Insurance policies exist to help pay for damages in the event that an insured causes an accident and damages another person through their negligence. Many consumers purchase underinsured motorist coverage (“UIM”) with their own polices in the event that they are injured by someone who is operating a vehicle without sufficient insurance coverage to compensate them for their injuries. However, an insurance company will often look to find some mitigating cause to limit their exposure and pay out less if possible.
I recently experience a situation where a client looked to their own UIM coverage because their medical expenses exceeded the amount of coverage available from the defendant’s insurance policy. This seemed like the perfect opportunity to receive benefits from the insurance policy that my client paid for. However, when her insurance company refused to make her coverage available despite clear liability and damages, I needed to threaten a bad faith claim in order to get my client the insurance coverage she had purchased.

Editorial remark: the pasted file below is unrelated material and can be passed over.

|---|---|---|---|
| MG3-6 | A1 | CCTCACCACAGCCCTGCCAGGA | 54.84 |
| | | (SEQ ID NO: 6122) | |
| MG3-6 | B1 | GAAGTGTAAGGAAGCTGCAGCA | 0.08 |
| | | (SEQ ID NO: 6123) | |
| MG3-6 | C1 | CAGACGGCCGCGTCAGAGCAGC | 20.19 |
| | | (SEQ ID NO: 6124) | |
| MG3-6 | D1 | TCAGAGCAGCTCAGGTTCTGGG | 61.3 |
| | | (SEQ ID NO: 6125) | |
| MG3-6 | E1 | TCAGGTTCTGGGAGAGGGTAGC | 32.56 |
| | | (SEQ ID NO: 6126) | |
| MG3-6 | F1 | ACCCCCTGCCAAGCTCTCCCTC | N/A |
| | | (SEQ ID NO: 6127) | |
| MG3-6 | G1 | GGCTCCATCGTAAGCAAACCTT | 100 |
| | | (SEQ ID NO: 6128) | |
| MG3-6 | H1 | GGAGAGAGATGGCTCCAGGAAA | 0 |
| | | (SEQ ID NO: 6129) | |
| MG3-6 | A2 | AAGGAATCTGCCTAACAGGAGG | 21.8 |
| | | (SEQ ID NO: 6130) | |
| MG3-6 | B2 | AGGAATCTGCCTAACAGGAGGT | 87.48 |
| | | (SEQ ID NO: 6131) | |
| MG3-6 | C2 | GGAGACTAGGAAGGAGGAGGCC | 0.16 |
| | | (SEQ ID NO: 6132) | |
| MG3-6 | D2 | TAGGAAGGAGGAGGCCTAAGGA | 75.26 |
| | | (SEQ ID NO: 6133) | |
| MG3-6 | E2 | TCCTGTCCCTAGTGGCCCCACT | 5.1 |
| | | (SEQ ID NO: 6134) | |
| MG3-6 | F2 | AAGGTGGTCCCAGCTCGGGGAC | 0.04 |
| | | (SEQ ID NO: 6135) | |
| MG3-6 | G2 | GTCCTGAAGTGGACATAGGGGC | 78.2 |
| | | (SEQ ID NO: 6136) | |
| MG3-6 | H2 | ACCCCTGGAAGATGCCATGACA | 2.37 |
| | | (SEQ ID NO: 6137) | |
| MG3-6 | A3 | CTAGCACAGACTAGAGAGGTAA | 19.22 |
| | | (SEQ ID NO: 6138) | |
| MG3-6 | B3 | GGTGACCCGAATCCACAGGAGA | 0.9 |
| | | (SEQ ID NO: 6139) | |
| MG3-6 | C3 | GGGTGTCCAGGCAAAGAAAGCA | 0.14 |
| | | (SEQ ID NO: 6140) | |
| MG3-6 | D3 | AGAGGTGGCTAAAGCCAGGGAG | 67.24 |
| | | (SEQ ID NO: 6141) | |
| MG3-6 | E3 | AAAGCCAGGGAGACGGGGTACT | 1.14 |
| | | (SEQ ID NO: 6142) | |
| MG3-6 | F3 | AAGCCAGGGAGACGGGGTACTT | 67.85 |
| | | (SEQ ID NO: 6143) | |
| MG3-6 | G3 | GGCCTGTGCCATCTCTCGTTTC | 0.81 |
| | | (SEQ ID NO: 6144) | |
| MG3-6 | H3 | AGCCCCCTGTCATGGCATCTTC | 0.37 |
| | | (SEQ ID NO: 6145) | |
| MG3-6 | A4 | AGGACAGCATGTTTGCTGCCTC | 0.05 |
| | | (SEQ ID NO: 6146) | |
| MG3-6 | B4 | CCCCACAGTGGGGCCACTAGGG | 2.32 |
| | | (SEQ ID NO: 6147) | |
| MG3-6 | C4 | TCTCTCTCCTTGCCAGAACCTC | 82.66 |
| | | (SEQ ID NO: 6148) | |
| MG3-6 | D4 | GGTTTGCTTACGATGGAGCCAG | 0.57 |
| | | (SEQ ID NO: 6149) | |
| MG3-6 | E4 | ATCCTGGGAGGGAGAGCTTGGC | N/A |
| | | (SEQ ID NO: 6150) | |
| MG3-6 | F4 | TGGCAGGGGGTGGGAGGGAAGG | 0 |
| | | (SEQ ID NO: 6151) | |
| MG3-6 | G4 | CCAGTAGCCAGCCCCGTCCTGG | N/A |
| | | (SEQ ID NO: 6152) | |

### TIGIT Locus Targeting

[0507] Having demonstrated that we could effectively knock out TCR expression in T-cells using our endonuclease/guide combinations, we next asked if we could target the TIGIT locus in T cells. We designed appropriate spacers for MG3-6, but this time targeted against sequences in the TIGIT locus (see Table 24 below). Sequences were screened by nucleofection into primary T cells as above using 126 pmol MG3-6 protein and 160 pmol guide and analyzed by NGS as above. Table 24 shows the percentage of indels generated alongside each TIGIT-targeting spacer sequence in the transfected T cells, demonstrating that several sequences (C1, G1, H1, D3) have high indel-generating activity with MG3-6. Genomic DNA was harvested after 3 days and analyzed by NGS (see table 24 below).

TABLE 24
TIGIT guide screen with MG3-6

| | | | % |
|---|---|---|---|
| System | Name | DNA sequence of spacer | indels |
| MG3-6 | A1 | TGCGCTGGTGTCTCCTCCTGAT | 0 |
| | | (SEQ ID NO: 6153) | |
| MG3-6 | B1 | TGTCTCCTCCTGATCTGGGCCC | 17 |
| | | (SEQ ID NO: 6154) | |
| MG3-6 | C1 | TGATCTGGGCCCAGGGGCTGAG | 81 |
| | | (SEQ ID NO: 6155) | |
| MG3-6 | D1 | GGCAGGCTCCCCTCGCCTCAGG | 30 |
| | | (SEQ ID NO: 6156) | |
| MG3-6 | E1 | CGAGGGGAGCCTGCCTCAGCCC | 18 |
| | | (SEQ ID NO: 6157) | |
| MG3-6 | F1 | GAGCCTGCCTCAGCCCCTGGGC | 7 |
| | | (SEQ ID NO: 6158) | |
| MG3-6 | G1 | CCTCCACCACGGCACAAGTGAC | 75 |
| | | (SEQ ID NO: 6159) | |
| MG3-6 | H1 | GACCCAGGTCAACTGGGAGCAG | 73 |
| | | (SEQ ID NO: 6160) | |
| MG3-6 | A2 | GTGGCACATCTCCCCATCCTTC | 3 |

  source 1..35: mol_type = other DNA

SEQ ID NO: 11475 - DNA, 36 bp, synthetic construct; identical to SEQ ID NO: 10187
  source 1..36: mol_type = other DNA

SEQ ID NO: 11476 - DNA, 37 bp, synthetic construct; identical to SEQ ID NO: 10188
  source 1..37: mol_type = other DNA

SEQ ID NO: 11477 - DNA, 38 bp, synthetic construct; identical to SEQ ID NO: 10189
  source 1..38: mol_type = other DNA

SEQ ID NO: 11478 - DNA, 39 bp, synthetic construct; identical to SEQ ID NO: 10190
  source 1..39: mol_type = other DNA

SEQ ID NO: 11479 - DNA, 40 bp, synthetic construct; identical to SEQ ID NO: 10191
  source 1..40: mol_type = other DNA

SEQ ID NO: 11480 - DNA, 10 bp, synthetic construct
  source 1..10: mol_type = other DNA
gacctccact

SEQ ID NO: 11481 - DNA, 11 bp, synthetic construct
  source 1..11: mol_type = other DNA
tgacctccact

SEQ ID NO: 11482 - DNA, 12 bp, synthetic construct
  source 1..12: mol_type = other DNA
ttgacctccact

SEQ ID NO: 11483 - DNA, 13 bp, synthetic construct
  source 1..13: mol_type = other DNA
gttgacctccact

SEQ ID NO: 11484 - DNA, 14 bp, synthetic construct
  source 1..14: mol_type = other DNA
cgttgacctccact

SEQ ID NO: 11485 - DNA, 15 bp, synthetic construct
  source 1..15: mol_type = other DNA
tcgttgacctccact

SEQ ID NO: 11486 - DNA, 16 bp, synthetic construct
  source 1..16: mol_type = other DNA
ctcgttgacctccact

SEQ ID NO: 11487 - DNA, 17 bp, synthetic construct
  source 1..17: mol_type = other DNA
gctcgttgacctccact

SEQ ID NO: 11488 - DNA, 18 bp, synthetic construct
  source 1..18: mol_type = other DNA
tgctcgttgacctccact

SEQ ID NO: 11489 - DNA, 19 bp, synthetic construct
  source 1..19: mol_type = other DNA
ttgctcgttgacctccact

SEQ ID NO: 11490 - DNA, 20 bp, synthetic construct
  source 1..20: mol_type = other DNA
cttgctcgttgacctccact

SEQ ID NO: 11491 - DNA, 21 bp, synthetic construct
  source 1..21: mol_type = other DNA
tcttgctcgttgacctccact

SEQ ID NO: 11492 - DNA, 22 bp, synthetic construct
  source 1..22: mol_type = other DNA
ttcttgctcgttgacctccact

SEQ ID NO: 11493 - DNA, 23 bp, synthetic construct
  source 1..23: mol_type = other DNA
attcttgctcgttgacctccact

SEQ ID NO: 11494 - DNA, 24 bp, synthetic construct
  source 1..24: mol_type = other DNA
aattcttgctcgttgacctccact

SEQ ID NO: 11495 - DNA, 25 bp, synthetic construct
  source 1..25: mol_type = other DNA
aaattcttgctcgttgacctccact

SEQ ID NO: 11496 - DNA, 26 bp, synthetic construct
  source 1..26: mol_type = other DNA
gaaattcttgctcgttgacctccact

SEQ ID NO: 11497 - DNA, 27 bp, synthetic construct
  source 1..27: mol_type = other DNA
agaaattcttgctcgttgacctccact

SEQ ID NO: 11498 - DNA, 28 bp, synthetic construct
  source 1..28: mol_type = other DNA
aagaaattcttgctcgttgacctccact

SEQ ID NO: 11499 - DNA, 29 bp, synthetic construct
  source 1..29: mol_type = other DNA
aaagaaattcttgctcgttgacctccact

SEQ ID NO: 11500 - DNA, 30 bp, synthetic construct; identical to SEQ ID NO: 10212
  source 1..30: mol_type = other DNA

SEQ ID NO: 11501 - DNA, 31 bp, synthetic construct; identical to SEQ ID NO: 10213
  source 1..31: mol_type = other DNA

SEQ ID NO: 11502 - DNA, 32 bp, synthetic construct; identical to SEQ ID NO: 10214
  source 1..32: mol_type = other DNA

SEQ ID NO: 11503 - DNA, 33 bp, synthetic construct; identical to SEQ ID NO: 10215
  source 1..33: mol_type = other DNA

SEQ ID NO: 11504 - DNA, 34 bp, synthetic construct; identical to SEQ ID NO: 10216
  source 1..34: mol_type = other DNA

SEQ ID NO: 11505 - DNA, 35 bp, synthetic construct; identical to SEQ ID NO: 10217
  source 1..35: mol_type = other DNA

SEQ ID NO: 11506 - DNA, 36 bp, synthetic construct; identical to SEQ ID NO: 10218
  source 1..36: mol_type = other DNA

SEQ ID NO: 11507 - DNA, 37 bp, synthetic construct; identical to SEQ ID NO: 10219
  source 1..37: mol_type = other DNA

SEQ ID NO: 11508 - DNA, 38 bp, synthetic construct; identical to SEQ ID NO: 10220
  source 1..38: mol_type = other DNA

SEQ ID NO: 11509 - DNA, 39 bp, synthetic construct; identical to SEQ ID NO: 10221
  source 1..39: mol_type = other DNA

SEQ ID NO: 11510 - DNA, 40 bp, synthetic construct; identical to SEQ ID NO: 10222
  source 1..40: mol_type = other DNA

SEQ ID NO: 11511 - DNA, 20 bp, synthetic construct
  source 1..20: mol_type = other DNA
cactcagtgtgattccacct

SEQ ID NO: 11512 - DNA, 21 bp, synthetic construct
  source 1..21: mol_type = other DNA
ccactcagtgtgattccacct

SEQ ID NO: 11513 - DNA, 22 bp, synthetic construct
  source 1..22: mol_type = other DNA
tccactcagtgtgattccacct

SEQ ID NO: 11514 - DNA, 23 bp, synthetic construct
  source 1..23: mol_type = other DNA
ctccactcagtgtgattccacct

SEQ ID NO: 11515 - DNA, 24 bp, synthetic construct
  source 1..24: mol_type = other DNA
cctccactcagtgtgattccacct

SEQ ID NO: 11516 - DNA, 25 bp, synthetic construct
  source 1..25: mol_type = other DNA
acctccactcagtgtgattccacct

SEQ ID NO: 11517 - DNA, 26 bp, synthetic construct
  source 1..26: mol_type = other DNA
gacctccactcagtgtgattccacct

The fact is, that when reviewing claims and negotiating a settlement, the insurance company must act in good faith. If they fail to do so, and you can make out a bad faith claim against them, you may be entitled to an award of treble damages (three times the amount that you would ordinarily be entitled to) as well as your legal fees and costs to be paid for by the insurance company.
If you’ve been injured and think that the insurance company you are negotiating with is acting in bad faith, please contact us to review your case and help you to assert your legal rights and make sure you receive the money you are entitled to.
Dennis J. DiSabato, Jr.
The Law Office of Dennis J. DiSabato, Jr., LLC
3888 Renee Drive, Suite 201
Myrtle Beach, SC 29579